- today's driver-assistance systems don't care one whit about the tires, which is a mistake, bridgestone says.
- the tiremaker's connected-tire concept can send measurements to the driver-assistance system computer and even to a smart city.
- the company is also showing off an airless tire designed to be used on other planets.
if there was still any doubt that the ces technology show has turned, at least partly, into a big automotive show, bridgestone provides an answer. for 2020, the tire company is participating in ces for the first time ever, and it's bringing the appropriate kind of advanced tires to justify attendance. bridgestone is showing off two kinds of tire technology at ces: a sensor-filled connected smart tire (pictured above) and ideas for airless tires.
the airless tires combine a tire's tread and wheel into a single high-strength structure that takes away any chance of a flat tire. bridgestone's portfolio of advanced airless tires cover the gamut of possible uses, on earth and beyond. the most basic could be used in commercial fleets and for personal mobility, while the most outlandish concept is an airless, elastic tire and wheel solution that the company is developing for a lunar rover that could be used on an international space exploration mission.
a tire that talks to your car
there's more tech in the concept connected tire. some drivers use connected tires today, as a part of tire-pressure monitoring systems. but the proactive smart tire that bridgestone is showing off can do a lot more than tell you if the tire needs some air. this one is designed to allow three high-tech actions—sense, sync, and act—when paired with a compatible advanced driver-assistance system (adas), according to hans dorfi, director of digital engineering at bridgestone americas. the tire can sense the road and its own condition, then send that information to the car to use in making self-driving decisions.
"adas systems today completely ignore the tire," dorfi told car and driver. "bringing that information into the vehicle can provide additional layers of safety."
today's driver-assist systems are agnostic to tires. they will operate the same whether the car is outfitted with summer or winter tires, with new or worn ones. today's systems can react when a tire slips, but bridgestone's new connected tire is supposed to give the adas more information to be better at preventing crashes.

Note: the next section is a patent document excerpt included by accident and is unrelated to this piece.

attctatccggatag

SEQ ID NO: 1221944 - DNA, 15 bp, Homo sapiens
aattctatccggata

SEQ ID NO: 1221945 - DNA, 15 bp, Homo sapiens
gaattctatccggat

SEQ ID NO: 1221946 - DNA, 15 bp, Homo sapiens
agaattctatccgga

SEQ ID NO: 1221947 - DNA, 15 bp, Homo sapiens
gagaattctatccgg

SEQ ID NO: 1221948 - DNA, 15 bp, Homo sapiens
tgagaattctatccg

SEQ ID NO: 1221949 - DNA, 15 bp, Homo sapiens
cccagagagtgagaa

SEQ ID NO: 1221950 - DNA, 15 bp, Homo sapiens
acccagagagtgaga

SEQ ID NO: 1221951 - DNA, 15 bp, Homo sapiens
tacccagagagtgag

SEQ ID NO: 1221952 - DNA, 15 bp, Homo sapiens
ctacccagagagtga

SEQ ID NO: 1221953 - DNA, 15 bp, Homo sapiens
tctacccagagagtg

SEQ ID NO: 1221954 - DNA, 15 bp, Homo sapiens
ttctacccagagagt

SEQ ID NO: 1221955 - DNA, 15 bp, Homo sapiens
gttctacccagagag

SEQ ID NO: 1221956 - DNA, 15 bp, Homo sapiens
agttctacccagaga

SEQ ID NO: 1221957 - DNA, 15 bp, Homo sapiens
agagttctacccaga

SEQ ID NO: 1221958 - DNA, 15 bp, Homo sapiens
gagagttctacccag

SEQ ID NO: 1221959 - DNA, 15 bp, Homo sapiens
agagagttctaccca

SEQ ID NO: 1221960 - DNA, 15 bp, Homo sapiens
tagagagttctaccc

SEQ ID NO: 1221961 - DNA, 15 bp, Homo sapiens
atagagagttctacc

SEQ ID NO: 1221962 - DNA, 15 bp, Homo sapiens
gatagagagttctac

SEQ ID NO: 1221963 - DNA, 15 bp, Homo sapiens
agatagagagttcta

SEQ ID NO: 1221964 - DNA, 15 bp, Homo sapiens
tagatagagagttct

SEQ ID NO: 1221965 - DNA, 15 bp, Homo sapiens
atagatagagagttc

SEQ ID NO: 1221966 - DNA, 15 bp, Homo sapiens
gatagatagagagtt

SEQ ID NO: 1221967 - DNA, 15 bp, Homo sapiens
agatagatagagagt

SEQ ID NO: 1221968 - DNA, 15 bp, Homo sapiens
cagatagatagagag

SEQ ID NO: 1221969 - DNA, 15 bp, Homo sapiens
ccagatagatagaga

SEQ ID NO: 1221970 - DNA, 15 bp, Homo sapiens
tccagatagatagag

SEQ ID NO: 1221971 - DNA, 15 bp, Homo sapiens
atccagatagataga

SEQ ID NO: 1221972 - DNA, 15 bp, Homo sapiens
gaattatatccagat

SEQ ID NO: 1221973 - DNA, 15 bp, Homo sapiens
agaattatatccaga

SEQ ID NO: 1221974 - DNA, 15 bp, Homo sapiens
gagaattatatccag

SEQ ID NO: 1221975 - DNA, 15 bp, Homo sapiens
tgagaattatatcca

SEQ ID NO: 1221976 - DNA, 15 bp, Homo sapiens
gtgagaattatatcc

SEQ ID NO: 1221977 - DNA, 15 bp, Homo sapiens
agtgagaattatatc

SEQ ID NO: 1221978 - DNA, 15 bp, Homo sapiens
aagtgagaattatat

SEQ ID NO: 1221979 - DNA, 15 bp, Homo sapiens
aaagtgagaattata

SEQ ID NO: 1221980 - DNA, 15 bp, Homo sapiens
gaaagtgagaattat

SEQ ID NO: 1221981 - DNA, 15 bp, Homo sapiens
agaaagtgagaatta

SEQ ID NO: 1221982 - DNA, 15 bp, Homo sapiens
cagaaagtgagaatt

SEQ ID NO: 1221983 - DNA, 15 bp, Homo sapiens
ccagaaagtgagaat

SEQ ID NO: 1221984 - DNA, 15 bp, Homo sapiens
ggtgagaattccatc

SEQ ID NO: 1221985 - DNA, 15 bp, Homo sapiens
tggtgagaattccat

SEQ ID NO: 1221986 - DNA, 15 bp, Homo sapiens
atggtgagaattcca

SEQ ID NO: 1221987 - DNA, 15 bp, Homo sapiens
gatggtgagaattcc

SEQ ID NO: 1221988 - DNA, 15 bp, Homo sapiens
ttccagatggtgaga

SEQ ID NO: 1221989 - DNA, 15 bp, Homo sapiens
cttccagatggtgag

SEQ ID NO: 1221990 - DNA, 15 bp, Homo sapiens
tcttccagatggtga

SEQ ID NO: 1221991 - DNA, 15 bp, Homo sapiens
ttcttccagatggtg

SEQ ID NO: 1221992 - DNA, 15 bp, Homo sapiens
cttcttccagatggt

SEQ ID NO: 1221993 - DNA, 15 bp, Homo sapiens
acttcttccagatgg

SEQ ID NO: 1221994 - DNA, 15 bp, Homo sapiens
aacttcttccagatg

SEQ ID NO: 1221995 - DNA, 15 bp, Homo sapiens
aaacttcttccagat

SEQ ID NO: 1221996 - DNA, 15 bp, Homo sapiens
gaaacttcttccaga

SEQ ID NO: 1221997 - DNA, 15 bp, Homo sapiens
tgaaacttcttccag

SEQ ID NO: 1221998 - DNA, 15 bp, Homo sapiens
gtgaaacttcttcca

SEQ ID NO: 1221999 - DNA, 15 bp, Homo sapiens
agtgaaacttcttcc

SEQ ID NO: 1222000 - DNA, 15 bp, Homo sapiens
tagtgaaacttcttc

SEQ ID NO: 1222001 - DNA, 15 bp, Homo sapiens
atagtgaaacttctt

the extra information comes from a new sensor inside the tire that is glued to the tire's inner wall. with each rotation, as that part of the tire makes contact with the ground, the sensor measures the deformation of the adhesive as a way to measure the strain on the tire.
this information is then sent to an onboard system that uses a "digital twin" model of that tire and, using a bridgestone algorithm that incorporates the company's proprietary information about that particular tire, turns strain measurements into wear estimates. a vehicle using these connected tires only needs one digital model in its memory, creating four instances of that model (one for each tire) to keep track of what's happening in the real world. a car could also be designed to account for different tires: larger tires on the rear axle, for example.
some information from the tire could be sent beyond the car it's attached to. the sensor is sensitive enough to detect shallow potholes, and data like this could be sent to the local department of transportation in order to build up a map of which roads might need repairs soon. bridgestone said it has not yet talked to any local government about adding this data to a smart city.
how much will this cost?
there are still a lot of things that bridgestone hasn't figured out—or won't say—about its connected tire. for example, the sensor requires a battery, but all that roshan thapliya, digital solution center director at bridgestone, would tell car and driver is that the power source the company is using will outlast the typical tire life. in the u.s., that means a little over five years in a passenger car.
price is another vague issue at this point. t.j. higgins, bridgestone americas' global chief strategic officer, would not give a number but told c/d that it would be an "inconsequential" increase in cost for a $175 tire.
as for when a tire like this leaves the bright ces show floor and onto passenger cars, no definite answer was given. thapliya said the company has proved the concept works through tests in japan and now needs to do durability tests for the adhesive. the company wants to complete development this year and is open to working with an automaker or fleet company to conduct more tests. until then, you're going to have to keep checking your tires for wear yourself.